Lakers’ Jordan Clarkson goes to the hoop against the Trail Blazers’ Robin Lopez, Friday, April 3, 2015, at Staples Center. (Photo by Michael Owen Baker/L.A. Daily News)
He may be on the brink of overseeing the worst Lakers’ team in franchise history. He also has fought a flu bug in recent days. But Lakers coach Byron Scott still managed to keep his sense of humor.
The Lakers (21-60) enter their season-finale on Wednesday against the Sacramento Kings (28-53) at Staples Center without starting rookie point guard Jordan Clarkson and starting small forward Wesley Johnson because of sprained left ankles. It marks a fitting to an ugly season ravaged by season-ending injuries to Kobe Bryant (right shoulder), Steve Nash (back), Julius Randle (right leg), Wayne Ellington (right shoulder), Nick Young (left knee), Jeremy Lin (left knee), Ronnie Price (right elbow), Xavier Henry (left Achilles tendon) and Dwight Buycks (fractured right hand).
“It’s kind of hilarious that the end of the season you look at it now,” Scott said. “I’m smiling and shaking my head and just going, wow. You can’t do anything but laugh about it.”
Here’s something that’s more laughable.
The Lakers’ starting backcourt will include Vander Blue (who signed with the Lakers two days ago) and Jabari Brown (who signed with the Lakers last month). The rest of the starting lineup will feature Ryan Kelly (small forward), Jordan Hill (power forward) and Tarick Black (center), while the lone reserves include a Carlos Boozer, Ed Davis and Robert Sacre frontcourt.
How do the Lakers play?
“A lot of zone and hope to God nobody gets hurt and nobody gets in foul trouble,” Scott said. “When I talk about nobody, I mean Jabari Brown and Vander Blue. Those are the only two guards I have. I can’t afford for any of them to get into foul trouble.”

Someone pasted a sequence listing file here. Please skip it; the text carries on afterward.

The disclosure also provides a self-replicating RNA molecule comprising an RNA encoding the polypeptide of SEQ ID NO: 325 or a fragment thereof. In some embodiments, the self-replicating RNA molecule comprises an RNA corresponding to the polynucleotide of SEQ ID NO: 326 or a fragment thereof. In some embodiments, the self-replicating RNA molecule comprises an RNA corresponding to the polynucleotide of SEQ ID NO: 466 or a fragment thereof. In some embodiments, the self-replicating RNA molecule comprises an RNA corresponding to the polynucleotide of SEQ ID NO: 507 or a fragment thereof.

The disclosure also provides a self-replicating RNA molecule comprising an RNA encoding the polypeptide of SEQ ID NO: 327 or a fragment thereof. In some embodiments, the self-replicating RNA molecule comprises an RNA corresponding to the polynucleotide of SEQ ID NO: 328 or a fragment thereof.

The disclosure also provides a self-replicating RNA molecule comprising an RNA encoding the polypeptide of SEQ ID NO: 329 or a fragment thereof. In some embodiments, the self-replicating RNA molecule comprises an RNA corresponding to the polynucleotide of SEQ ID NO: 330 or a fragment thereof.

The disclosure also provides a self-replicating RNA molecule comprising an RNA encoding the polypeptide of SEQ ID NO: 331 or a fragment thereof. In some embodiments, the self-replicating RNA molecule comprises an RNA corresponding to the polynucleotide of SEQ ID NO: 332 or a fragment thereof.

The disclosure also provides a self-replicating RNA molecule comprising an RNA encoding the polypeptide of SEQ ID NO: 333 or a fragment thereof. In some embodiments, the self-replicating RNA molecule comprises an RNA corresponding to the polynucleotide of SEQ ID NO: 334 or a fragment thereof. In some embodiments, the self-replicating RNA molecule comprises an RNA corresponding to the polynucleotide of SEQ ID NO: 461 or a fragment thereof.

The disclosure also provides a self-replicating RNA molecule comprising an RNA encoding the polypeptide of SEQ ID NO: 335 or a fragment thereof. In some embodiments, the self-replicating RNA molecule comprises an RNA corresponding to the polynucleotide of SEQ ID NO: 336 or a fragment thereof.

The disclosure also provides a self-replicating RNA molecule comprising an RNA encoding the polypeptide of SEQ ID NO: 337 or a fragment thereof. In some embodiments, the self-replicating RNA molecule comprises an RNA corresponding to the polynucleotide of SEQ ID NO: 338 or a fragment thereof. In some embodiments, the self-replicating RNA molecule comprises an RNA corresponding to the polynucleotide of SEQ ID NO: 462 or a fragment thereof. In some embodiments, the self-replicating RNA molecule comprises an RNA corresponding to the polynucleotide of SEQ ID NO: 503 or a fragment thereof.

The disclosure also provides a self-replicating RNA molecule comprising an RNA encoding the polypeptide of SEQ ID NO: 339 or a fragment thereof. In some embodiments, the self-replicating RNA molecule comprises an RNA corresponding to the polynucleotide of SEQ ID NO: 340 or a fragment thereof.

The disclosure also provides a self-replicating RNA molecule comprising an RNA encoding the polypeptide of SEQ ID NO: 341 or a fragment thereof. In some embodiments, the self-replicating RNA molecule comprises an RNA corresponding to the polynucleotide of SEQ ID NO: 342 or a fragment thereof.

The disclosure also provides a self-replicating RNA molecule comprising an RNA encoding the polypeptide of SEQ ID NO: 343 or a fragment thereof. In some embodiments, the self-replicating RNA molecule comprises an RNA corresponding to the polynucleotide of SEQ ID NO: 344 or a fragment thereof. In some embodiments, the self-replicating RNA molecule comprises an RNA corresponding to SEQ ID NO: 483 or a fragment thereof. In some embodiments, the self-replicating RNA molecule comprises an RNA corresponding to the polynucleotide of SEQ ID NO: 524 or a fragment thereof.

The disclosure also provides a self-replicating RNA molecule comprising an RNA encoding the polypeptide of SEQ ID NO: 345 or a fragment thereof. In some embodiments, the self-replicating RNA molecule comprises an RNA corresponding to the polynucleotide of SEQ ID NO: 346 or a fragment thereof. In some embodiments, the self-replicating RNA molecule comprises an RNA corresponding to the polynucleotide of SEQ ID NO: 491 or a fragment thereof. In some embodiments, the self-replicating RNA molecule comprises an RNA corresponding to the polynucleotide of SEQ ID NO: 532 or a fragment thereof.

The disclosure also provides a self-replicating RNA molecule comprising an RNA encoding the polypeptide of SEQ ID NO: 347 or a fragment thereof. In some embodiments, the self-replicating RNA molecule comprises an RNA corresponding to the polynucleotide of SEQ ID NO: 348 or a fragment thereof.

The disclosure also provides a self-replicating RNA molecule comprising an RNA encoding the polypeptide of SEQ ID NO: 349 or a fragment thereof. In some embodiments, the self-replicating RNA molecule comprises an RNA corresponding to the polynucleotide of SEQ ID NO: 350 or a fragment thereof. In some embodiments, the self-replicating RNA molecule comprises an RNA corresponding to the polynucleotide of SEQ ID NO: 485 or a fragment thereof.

The Lakers encountered a similar situation last year.
They have eight available players entering a game late February in Cleveland before Young and Jordan Farmar left the game with injuries. Chris Kaman then fouled out. Yet, Sacre stayed on the floor after collecting six fouls because the Lakers ran out of healthy bodies. The Lakers still somehow beat Cleveland, 119-108.
Scott said he hadn’t thought about that scenario, but believes that the Lakers will not encounter a similar scenario. But Scott still instructed Brown and Blue to avoid foul trouble by not reaching.
“Both are young,” Scott said. “So I don’t see why neither couldn’t play 48 minutes. It just a matter of staying out of foul trouble.”
But how will they play?
Vander’s first practice took place on Wednesday’s morning shootaround. Brown has shown promise as a scorer and defender, but this season marks the first time he held ball-handling duties. Scott remains optimistic both players’ background with the Lakers’ Development League affiliate, the D-Fenders, will minimize any mistakes. But Scott could not resist cracking a one-liner on how the two will become the team’s point guard.
“Whoever gets the ball,” Scott said. “Whoever gets it on the rebound or on the outlet, they’re going to be point guard.”
Scott then turned serious, kind of.
“Jabari, because he’s been with us longer and he played the point guard,” Scott said. “He has a better feel than with Vander. He’s been with us two days.”
But in this injury-ravaged season, that has proven enough time to quickly climb into the Lakers’ rotation.
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